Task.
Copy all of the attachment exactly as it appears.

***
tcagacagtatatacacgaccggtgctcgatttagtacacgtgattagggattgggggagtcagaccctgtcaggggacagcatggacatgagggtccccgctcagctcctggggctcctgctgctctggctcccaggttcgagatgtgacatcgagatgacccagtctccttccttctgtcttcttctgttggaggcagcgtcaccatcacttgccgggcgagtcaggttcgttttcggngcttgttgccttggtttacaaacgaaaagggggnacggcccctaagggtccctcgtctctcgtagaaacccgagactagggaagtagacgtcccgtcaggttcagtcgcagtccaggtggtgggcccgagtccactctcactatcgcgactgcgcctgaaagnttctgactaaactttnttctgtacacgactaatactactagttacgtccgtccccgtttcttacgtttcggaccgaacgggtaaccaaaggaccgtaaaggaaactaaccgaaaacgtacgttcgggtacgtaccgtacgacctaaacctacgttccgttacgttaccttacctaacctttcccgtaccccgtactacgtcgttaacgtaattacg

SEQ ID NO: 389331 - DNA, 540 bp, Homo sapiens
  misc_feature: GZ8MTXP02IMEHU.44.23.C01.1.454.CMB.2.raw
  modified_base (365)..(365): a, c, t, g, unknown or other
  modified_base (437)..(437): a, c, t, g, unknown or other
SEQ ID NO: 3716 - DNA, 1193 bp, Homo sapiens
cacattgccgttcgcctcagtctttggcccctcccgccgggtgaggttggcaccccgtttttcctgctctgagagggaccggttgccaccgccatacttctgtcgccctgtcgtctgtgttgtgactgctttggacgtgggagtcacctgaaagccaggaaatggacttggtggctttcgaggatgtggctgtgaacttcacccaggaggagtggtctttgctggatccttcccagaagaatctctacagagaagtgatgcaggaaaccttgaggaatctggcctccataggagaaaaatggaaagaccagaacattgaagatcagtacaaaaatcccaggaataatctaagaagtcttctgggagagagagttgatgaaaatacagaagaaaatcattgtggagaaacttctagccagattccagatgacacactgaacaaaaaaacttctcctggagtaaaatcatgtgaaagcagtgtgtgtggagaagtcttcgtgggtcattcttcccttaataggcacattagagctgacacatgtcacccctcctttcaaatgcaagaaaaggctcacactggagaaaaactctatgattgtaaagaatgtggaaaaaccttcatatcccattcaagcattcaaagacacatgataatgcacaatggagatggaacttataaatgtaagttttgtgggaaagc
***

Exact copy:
tcagacagtatatacacgaccggtgctcgatttagtacacgtgattagggattgggggagtcagaccctgtcaggggacagcatggacatgagggtccccgctcagctcctggggctcctgctgctctggctcccaggttcgagatgtgacatcgagatgacccagtctccttccttctgtcttcttctgttggaggcagcgtcaccatcacttgccgggcgagtcaggttcgttttcggngcttgttgccttggtttacaaacgaaaagggggnacggcccctaagggtccctcgtctctcgtagaaacccgagactagggaagtagacgtcccgtcaggttcagtcgcagtccaggtggtgggcccgagtccactctcactatcgcgactgcgcctgaaagnttctgactaaactttnttctgtacacgactaatactactagttacgtccgtccccgtttcttacgtttcggaccgaacgggtaaccaaaggaccgtaaaggaaactaaccgaaaacgtacgttcgggtacgtaccgtacgacctaaacctacgttccgttacgttaccttacctaacctttcccgtaccccgtactacgtcgttaacgtaattacg

SEQ ID NO: 389331 - DNA, 540 bp, Homo sapiens
  misc_feature: GZ8MTXP02IMEHU.44.23.C01.1.454.CMB.2.raw
  modified_base (365)..(365): a, c, t, g, unknown or other
  modified_base (437)..(437): a, c, t, g, unknown or other
SEQ ID NO: 3716 - DNA, 1193 bp, Homo sapiens
cacattgccgttcgcctcagtctttggcccctcccgccgggtgaggttggcaccccgtttttcctgctctgagagggaccggttgccaccgccatacttctgtcgccctgtcgtctgtgttgtgactgctttggacgtgggagtcacctgaaagccaggaaatggacttggtggctttcgaggatgtggctgtgaacttcacccaggaggagtggtctttgctggatccttcccagaagaatctctacagagaagtgatgcaggaaaccttgaggaatctggcctccataggagaaaaatggaaagaccagaacattgaagatcagtacaaaaatcccaggaataatctaagaagtcttctgggagagagagttgatgaaaatacagaagaaaatcattgtggagaaacttctagccagattccagatgacacactgaacaaaaaaacttctcctggagtaaaatcatgtgaaagcagtgtgtgtggagaagtcttcgtgggtcattcttcccttaataggcacattagagctgacacatgtcacccctcctttcaaatgcaagaaaaggctcacactggagaaaaactctatgattgtaaagaatgtggaaaaaccttcatatcccattcaagcattcaaagacacatgataatgcacaatggagatggaacttataaatgtaagttttgtgggaaagc